mc.teacherstudentsonfloor.USDeptofED.blog

Teachers don’t have a lot of spare time on their hands.

When they aren’t working with a classroom full of students, they may be assessing student work, designing unit plans with colleagues, devising strategies for a particular learner, and advancing their own learning.

Most states require teachers to complete a minimum number of professional development hours in order to retain their teaching licenses. That requirement can range from 24 hours a year in Kentucky to 175 hours every five years in New York.

What is typically recognized as professional development by states and districts takes place in formal settings – workshops, in-service days, and structured courses – attended in the evenings, on weekends and summer breaks, and measured in time spent.

Teachers are learning in informal settings, such as EdCamps, Twitter chats, researching online, checking in with experts, collaborating with colleagues, too, but these engagements rarely count toward licensure requirements.  

Micro-credentials offer a way to provide more varied professional development opportunities that maximize teachers’ time. Through the submission of artifacts such as classroom videos, unit designs, and professional reflections, micro-credentials allow teachers to show what they know, and earn recognition for skills and competencies gained in formal and informal settings.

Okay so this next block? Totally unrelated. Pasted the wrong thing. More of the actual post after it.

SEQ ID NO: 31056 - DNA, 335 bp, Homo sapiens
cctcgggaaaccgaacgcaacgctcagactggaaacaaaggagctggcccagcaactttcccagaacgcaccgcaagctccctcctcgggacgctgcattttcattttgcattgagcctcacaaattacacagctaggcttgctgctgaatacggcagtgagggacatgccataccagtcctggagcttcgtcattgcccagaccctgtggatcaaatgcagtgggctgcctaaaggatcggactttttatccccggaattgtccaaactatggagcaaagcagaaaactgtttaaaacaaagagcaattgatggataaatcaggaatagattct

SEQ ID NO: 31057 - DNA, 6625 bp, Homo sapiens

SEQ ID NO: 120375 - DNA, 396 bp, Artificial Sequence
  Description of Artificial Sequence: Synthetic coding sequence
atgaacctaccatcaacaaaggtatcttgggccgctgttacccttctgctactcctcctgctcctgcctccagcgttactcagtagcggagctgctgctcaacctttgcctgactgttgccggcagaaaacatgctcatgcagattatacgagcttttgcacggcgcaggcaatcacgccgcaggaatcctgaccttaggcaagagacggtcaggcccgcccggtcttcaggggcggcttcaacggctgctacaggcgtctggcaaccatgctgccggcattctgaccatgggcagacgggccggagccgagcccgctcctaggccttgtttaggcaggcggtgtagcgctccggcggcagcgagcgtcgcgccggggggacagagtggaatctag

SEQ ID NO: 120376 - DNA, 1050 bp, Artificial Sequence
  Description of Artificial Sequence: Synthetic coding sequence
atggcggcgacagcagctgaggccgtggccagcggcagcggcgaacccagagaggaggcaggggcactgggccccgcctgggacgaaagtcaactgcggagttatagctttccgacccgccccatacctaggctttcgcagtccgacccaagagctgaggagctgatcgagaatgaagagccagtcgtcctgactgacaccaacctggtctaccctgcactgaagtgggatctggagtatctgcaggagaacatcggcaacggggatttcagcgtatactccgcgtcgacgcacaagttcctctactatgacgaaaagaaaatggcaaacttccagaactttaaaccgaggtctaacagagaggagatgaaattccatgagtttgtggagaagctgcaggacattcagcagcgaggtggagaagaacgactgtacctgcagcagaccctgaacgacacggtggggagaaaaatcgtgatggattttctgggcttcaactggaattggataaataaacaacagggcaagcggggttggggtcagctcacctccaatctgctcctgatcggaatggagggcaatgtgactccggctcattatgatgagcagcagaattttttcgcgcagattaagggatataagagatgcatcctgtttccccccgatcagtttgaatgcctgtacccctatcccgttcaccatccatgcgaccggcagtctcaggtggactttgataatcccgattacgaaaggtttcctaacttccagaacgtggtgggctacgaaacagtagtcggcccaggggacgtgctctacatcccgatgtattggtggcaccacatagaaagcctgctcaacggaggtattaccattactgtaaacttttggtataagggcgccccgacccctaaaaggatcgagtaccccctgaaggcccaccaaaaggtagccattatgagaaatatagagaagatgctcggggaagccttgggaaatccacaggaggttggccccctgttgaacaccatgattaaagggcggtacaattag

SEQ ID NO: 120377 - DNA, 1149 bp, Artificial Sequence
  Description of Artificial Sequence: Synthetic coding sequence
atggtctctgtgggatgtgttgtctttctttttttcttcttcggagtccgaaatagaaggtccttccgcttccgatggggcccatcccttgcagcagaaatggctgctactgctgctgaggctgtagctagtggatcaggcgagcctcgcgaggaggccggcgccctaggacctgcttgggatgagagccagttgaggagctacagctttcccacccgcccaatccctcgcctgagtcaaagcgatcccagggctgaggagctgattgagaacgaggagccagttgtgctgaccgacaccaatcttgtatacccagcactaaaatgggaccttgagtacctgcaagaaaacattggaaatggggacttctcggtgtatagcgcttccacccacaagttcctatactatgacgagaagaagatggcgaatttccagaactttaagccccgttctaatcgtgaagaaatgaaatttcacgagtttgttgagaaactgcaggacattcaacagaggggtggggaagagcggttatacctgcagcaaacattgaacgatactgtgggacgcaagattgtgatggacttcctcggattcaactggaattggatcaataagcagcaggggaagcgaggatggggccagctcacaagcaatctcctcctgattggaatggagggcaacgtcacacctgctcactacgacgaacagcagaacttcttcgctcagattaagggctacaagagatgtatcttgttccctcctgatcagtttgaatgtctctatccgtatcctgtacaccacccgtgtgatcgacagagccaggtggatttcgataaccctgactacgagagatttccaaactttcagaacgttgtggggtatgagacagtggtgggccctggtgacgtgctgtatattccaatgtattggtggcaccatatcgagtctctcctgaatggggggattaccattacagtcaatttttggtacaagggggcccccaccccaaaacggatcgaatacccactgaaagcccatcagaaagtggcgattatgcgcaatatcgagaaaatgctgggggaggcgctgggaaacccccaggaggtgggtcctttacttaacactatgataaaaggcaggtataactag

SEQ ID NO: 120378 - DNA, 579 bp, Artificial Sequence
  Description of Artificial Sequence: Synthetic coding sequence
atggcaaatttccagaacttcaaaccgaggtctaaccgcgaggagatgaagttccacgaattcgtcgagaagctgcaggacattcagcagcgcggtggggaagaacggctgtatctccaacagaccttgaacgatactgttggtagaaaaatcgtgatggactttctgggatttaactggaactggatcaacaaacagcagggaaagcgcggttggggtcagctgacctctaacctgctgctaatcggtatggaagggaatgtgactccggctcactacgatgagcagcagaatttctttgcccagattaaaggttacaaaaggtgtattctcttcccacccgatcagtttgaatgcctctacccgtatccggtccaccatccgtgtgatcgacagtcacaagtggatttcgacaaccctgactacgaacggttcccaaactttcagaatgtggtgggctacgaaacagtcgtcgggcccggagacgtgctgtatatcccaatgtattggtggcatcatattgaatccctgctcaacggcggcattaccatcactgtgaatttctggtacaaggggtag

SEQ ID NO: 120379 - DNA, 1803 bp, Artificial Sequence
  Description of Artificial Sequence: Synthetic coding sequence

But most teachers don’t have time to earn a micro-credential just for the sake of earning it. They need an incentive. The micro-credential, displayed as a digital badge, needs to have currency within their school, district, and peer groups.

To achieve this, Digital Promise is building an ecosystem of educators and partners to identify, recognize, and reward articulated teaching practices with competency-based micro-credentials.

What might this ecosystem look like? One example is Google certifications. Teachers across the country can become Google Educators, Google Trainers, or Google Certified Teachers.

Teachers earn the certificate. Schools, districts, and peers recognize it as a valuable credential. And the issuer, Google, ensures the integrity and rigor of the process.

All three components – the earner, the recognizer, and the issuer – are essential to establishing an ecosystem that supports micro-credentials for educators.


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